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1 SUMMARY Time-Related Incentive and Disincentive Provisions in Highway Construction Contracts Time-related incentive and disincentive (I/D) provisions have been widely used by U.S. STAs. The vast majority of these provisions have been successful at accelerating highway construction work, resulting in reduced delays to the traveling public. This project's focus was to identify STAs that have had extensive experience with time-related I/D projects and identify best practices and lessons learned that will lead to the effective use of time-related I/D provisions. Besides reducing road user delays, time-related I/D provisions have other impacts on the STAs and contractors involved with the projects. The impacts of I/D provisions on the following project factors were investigated: Cost Innovation Contract Administration Staffing Quality Safety The following statements provide a concise summary of the impact of time-related I/D provisions on each of the project factors investigated: Cost--Accelerating construction to achieve earlier completion leads to increased costs. The degree of cost increase depends on many factors. However, market influences from the low bid system used by STAs are a primary contributor to the ultimate cost of the acceleration paid by the STAs. Thus, the price paid for acceleration required by I/D provisions is highly influenced by the competitive bidding process. In most cases, this works to the STAs advantage. Innovation--I/D provisions motivate contractors to use innovative methods and materials that result in time savings. Incentives for early completion provide the means for contractors to recoup the additional costs associated with these innovative methods and materials. Contract Administration--Offering a monetary incentive and disincentive for early or late completion places an emphasis on how contract time is measured. Equally important is an equitable process to determine the time impact of excusable delays. The effectiveness of I/D provisions is quickly eroded by ambiguities in the time measurement process and by the occurrence of excusable delays. Staffing--Accelerated work schedules are often accompanied by an increase in number of working hours per week. This increase affects the contractors and STAs personnel equally. Both contractors and STAs acknowledge the "burn out" impact created by I/D provisions on their human resources. However, none of the STAs and contractors investigated was able to offer any strategies to mitigate this impact.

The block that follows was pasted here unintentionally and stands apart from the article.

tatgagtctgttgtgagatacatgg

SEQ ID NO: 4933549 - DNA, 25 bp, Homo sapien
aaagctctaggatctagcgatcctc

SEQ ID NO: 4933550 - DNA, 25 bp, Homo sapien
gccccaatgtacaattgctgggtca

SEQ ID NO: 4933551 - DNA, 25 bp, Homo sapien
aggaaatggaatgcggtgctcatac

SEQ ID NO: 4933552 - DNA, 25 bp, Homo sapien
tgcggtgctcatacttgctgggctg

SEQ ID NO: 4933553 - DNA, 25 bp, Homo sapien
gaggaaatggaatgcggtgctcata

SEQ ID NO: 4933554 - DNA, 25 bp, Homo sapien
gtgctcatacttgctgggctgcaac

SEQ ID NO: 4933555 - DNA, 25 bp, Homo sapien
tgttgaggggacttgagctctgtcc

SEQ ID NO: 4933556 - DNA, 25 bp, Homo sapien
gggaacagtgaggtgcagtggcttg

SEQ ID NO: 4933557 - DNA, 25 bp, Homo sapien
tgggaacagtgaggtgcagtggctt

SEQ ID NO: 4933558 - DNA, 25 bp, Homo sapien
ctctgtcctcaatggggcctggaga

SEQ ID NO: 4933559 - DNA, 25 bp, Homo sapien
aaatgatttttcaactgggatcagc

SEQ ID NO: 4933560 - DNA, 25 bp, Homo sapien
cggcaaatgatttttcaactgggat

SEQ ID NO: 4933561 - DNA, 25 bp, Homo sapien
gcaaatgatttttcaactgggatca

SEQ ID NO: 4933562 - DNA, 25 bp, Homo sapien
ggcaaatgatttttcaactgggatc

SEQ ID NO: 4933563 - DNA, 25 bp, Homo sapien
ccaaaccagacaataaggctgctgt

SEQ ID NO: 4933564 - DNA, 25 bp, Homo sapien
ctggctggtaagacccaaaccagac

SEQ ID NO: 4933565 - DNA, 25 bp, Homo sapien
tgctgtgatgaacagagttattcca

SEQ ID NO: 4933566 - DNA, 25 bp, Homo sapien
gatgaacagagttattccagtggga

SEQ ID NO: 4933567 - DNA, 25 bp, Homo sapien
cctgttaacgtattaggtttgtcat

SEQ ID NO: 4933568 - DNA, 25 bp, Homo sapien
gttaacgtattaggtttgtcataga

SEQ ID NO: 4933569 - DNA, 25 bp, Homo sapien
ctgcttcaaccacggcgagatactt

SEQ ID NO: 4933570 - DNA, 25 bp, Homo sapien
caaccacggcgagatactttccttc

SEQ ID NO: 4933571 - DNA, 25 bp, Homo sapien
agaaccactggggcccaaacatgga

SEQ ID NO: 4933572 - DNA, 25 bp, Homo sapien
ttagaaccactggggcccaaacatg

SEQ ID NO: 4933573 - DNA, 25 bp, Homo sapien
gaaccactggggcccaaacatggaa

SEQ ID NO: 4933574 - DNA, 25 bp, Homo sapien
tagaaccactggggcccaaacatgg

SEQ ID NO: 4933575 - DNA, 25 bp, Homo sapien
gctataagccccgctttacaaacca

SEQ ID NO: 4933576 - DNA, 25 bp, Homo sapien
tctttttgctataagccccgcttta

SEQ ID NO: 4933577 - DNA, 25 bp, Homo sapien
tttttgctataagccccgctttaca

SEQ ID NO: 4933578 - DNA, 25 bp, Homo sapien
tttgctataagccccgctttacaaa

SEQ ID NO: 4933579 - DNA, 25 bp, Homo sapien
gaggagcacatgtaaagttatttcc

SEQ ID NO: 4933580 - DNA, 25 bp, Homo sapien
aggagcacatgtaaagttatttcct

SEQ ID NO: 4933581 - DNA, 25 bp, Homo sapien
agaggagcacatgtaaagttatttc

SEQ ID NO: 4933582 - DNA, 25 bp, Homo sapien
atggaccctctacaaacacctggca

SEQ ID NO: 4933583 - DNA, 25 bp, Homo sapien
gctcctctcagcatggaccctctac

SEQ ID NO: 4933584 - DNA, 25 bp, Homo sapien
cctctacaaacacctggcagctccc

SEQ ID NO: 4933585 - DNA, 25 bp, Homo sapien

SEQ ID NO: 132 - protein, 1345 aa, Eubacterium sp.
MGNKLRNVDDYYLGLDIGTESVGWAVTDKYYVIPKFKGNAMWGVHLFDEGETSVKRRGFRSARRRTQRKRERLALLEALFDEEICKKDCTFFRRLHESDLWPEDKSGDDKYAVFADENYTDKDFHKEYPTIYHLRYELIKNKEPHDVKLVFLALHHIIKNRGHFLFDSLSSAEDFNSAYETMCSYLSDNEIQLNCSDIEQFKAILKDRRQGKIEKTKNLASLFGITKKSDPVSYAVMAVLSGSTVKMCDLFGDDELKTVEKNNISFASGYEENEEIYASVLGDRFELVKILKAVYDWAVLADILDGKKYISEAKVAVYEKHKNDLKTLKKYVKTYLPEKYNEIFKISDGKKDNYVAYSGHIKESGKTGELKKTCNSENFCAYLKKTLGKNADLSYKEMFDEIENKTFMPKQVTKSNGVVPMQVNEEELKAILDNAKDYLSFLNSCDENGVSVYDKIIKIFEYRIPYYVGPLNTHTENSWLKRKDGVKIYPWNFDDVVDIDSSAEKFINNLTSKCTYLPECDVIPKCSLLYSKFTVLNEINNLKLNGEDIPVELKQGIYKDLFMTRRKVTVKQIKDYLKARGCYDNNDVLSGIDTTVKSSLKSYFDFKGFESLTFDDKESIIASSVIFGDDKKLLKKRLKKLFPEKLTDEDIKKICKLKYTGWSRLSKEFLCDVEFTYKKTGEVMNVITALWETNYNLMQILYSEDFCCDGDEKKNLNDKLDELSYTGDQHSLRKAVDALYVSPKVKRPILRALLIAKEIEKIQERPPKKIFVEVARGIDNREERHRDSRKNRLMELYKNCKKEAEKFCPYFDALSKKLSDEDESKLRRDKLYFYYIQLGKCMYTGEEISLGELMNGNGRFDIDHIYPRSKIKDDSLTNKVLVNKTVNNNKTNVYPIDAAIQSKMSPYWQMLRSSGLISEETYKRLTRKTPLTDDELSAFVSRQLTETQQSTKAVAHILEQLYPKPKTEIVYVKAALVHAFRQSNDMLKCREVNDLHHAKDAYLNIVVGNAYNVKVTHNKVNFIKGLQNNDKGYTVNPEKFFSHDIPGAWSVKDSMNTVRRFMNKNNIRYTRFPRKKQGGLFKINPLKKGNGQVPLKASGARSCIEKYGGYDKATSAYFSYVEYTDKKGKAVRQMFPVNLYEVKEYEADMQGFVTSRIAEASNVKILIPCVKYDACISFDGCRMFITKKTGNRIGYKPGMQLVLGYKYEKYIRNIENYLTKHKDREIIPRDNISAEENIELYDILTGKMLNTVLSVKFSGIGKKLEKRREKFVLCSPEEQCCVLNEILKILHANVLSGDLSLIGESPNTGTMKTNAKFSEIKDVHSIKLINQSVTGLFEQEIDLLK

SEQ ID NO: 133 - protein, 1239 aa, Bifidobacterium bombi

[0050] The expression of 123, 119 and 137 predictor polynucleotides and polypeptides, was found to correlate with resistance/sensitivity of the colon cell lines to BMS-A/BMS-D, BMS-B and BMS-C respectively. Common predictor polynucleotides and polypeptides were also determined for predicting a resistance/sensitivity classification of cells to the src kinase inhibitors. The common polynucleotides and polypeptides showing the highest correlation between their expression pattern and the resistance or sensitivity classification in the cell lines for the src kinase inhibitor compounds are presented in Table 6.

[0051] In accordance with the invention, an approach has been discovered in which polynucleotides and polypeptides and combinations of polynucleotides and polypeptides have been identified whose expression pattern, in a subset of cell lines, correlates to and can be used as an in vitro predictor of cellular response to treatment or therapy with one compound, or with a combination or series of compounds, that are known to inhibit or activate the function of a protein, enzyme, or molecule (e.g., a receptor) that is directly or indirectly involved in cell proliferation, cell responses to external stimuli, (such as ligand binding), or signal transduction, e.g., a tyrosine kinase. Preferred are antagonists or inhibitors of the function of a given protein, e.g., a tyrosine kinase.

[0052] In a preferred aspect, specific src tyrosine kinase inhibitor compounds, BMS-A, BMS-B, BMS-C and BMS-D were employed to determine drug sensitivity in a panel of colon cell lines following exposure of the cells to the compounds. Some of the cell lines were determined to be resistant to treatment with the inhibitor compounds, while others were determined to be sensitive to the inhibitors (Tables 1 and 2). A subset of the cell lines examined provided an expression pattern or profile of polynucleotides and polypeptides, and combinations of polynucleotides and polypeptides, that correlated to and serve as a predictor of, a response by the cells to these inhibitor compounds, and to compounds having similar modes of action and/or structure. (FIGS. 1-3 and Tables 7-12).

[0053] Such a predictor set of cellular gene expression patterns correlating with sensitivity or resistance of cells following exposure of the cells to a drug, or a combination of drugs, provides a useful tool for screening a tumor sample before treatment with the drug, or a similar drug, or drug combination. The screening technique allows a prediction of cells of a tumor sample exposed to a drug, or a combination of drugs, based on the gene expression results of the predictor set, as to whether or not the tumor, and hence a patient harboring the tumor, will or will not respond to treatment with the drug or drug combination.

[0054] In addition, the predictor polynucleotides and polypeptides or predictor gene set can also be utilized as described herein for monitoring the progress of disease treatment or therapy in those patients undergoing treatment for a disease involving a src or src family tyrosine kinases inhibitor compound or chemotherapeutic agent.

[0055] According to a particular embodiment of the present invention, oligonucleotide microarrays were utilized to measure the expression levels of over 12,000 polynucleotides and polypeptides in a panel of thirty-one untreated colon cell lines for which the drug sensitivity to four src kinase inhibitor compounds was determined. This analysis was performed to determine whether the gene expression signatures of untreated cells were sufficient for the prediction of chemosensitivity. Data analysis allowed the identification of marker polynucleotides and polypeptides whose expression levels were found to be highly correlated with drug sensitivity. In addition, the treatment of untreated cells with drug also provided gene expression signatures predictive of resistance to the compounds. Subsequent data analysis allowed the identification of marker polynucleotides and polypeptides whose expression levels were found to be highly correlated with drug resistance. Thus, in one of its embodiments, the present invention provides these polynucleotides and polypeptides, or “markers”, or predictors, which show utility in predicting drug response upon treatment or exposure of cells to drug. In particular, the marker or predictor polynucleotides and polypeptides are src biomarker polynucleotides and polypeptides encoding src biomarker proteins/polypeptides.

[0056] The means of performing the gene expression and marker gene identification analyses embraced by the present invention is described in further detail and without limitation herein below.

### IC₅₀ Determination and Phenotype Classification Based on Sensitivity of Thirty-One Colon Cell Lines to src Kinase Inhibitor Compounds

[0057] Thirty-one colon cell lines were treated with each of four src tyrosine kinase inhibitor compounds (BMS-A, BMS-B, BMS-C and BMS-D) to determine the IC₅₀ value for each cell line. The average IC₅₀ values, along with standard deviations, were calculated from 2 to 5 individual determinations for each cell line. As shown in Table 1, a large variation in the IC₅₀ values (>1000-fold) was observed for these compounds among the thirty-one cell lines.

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2 Quality--Research results did not indicate that time-related I/Ds have a negative impact on quality. Safety--Contractors and STAs both indicated that safety practices are unaffected by accelerated work schedules. The safety risk to the public from traveling through construction zones decreases as a result of the shortened time of exposure. Understanding the impacts of time-related I/D provisions on project factors leads to guidelines for the effective use of I/Ds. A list of these guidelines for the effective use of I/D provisions includes the following: Projects that may be candidates for the inclusion of an I/D provision should be identified early in the project development process. Considering I/D impacts throughout the design process will result in plans and specifications that are well coordinated with I/D milestones. When a competitive bidding market exists, STAs should consider A+B I/D provisions as the preferred method for obtaining accelerated construction at the lowest cost. Increase the pool of available bidders by allowing flexibility between the bid award and start of construction. Incentives should be capped as a method to reduce the STA's risk of overpaying for acceleration. Measurement of contract time should be based on calendar days as opposed to working days or modified calendar days. Incentive rates should use road user cost (RUC) as the basis. Estimates of RUC should be the result of a documented and uniformly applied process. Improving the state-of-practice for time-related I/D provisions through the implementa- tion of the research findings and proposed guidelines will provide the traveling public with increased value. TERMS Many different types of time-related I/D provisions are in use or have been used by state transportation agencies (STAs). At the most basic level, I/D provisions can be categorized into two groups: A+B and I/D. The primary distinction between these two types is that the contractor determines the contract duration for an A+B contract while the STA specifies the contract time for an I/D contract. There are many variations and local modifications on these two basic provisions with state and local laws often impacting the details of time-related provisions. These variations can be confusing because STAs use similar I/D provisions that have different names. One common factor shared by every STA is the use of liquidated damages. The U.S. Code of Federal Regulations (23 CFR 635.127) requires STAs to establish liquidated damages that, at a minimum, recover the STAs estimated daily construction engineering costs for overruns in contract time. All I/D provisions are used in conjunction with liquidated damages, meaning that the disincentive portion of an I/D provision consists of more than just the minimum agreed to daily engineering construction costs that will be recovered in the case of late completion of a milestone or project. RUC is the most common item included in both the incentive and disincentive rate for a highway project. Technically, there is not a difference between a disincentive and liquidated damages. They are both contractual provisions in which both parties agree to the payment of a monetary sum that is estimated fairly and would prove to be difficult or impossible to quantify after the fact (1). However, in practice, there is a considerable difference between liquidated damages and disincentives because the addition of RUC significantly increases the agreed to monetary